A group-based rehabilitation programme did not improve health-related quality of life and self-rated health more than an individual counselling programme. In fact, the individual group experienced a significant relief in hyper- and hypoglycaemic distress compared with the rehabilitation group.
However, the positive findings of several items in both groups indicate that lifestyle intervention is an important part of the management of type 2 diabetes patients.
doi:10.1186/1477-7525-9-110
PMCID: PMC3251531  PMID: 22152107
8.  Lifestyle intervention for type 2 diabetes patients – trial protocol of The Copenhagen Type 2 Diabetes Rehabilitation Project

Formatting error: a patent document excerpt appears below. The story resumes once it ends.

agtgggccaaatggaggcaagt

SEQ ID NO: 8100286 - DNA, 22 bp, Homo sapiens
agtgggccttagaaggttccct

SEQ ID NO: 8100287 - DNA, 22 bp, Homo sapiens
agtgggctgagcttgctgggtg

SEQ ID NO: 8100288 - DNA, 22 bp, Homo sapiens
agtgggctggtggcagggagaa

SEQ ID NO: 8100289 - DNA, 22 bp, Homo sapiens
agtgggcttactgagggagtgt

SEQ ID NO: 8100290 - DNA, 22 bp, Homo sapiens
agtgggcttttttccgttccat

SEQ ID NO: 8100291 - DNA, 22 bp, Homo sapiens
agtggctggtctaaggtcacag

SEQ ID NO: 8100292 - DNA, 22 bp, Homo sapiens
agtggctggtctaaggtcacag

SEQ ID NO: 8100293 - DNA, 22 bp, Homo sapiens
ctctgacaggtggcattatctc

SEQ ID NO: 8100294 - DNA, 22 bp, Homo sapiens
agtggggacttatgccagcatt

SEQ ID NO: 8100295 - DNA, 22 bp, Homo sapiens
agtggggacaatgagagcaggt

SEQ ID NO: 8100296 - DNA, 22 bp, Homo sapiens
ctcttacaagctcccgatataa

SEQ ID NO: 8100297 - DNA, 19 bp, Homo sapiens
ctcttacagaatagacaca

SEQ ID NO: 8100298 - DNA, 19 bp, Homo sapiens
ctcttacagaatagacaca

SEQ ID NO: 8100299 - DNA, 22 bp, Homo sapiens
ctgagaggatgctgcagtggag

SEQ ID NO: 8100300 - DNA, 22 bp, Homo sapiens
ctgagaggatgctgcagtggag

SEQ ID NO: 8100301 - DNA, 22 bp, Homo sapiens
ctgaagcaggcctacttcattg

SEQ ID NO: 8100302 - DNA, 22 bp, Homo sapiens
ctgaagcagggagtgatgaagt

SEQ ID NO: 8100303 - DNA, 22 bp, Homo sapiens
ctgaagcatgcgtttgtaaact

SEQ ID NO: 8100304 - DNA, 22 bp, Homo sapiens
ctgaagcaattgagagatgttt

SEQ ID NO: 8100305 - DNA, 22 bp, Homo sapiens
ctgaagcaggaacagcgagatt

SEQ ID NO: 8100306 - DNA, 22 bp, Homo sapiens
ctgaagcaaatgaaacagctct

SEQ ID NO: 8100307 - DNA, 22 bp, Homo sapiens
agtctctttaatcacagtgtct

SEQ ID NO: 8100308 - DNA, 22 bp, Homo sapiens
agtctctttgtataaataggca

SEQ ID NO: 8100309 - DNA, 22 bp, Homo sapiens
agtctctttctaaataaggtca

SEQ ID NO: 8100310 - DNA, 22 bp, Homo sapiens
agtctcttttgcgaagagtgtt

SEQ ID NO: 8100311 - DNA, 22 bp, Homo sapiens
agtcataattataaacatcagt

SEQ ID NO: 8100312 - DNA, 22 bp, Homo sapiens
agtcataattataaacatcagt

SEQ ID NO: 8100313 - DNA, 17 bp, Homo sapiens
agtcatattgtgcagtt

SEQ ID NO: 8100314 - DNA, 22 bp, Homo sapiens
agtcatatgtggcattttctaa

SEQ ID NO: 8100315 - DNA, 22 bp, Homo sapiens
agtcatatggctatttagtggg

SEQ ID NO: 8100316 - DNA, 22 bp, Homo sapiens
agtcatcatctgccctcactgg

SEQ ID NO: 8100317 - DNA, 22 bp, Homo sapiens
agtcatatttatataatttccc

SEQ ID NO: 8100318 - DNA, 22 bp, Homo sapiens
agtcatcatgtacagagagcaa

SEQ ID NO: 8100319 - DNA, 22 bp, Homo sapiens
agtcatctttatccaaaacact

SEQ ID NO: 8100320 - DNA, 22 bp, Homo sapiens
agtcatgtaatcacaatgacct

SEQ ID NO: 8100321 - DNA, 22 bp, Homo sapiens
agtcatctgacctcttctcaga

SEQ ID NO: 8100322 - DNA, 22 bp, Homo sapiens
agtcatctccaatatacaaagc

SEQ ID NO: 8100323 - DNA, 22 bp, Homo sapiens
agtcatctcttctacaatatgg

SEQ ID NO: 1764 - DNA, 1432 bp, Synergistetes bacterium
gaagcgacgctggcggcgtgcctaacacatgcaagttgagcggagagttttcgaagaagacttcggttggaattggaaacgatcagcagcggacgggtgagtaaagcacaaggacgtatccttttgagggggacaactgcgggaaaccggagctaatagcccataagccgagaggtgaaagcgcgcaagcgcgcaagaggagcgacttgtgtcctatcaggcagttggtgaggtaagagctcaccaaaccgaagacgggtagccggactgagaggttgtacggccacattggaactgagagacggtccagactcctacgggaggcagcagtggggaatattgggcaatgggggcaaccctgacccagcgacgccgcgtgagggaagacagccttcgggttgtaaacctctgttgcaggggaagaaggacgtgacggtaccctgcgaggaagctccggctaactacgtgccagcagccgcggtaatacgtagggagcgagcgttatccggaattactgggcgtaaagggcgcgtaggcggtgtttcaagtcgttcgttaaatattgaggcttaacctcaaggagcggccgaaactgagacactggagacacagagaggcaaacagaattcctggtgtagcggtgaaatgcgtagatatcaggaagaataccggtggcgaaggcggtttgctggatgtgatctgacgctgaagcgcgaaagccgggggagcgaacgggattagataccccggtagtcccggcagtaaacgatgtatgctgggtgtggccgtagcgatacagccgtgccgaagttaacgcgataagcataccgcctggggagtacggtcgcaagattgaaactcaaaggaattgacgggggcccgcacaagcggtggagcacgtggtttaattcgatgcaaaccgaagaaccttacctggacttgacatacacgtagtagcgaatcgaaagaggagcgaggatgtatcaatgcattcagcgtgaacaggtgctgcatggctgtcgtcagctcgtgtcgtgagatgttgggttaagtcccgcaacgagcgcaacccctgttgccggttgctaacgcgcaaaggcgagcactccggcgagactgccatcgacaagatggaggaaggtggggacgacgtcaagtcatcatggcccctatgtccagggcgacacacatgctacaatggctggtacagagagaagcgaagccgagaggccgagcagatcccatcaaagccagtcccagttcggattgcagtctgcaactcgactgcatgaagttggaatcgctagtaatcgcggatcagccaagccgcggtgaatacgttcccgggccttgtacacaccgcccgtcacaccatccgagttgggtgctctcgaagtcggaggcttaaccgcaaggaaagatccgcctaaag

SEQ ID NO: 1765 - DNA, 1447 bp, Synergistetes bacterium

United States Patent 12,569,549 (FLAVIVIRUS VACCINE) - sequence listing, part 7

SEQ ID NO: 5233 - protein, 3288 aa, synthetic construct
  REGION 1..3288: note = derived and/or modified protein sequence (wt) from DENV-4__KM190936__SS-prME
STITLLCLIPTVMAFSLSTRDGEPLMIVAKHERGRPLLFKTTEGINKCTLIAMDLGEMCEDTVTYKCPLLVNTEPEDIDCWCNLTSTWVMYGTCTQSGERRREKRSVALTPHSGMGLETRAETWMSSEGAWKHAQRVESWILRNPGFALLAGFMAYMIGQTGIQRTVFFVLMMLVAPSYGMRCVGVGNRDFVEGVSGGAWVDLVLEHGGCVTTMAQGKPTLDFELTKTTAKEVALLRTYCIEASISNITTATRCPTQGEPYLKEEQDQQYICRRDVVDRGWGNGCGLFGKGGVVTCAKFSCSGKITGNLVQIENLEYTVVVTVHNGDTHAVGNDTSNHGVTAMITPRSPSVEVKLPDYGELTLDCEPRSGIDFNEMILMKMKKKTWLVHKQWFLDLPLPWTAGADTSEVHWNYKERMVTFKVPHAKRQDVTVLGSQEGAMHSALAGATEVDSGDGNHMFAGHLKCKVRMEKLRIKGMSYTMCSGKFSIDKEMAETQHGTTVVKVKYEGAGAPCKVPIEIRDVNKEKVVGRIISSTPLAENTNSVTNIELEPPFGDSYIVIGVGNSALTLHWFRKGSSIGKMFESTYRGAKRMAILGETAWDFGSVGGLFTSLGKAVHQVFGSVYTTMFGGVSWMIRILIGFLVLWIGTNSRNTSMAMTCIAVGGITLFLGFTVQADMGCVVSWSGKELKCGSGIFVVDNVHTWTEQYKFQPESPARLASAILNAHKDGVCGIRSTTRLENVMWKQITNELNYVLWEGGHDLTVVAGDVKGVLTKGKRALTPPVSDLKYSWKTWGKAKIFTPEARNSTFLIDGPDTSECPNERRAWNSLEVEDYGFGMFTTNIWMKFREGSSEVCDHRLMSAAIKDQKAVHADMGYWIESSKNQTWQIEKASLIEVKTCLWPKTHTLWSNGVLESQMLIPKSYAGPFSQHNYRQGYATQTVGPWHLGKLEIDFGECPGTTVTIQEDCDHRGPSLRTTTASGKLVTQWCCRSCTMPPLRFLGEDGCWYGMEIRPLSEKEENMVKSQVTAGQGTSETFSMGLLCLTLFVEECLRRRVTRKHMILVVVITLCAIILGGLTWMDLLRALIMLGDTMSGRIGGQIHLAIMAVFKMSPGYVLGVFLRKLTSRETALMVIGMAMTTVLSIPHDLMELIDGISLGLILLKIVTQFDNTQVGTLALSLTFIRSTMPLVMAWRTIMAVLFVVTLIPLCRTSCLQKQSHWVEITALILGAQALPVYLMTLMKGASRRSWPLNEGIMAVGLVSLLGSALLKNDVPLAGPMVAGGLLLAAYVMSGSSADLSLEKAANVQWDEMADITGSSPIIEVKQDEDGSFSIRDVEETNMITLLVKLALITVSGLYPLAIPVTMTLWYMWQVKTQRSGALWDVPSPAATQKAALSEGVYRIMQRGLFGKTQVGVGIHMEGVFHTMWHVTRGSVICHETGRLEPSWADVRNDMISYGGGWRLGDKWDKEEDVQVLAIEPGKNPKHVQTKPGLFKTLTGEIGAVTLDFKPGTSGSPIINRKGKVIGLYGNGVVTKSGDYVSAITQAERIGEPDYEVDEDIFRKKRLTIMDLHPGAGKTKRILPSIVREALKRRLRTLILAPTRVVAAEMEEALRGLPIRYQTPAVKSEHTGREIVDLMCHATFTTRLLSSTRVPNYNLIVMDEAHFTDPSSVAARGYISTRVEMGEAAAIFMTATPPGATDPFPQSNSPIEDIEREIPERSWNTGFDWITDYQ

BMC Public Health  2009;9:166.
Background
Current guidelines recommend education, physical activity and changes in diet for type 2 diabetes patients, yet the composition and organization of non-pharmacological care are still controversial. Therefore, it is very important that programmes aiming to improve non-pharmacological treatment of type 2 diabetes are developed and evaluated. The Copenhagen Type 2 Diabetes Rehabilitation Project aims to evaluate the effectiveness of a new group-based lifestyle rehabilitation programme in a Health Care Centre in primary care.
Methods/Design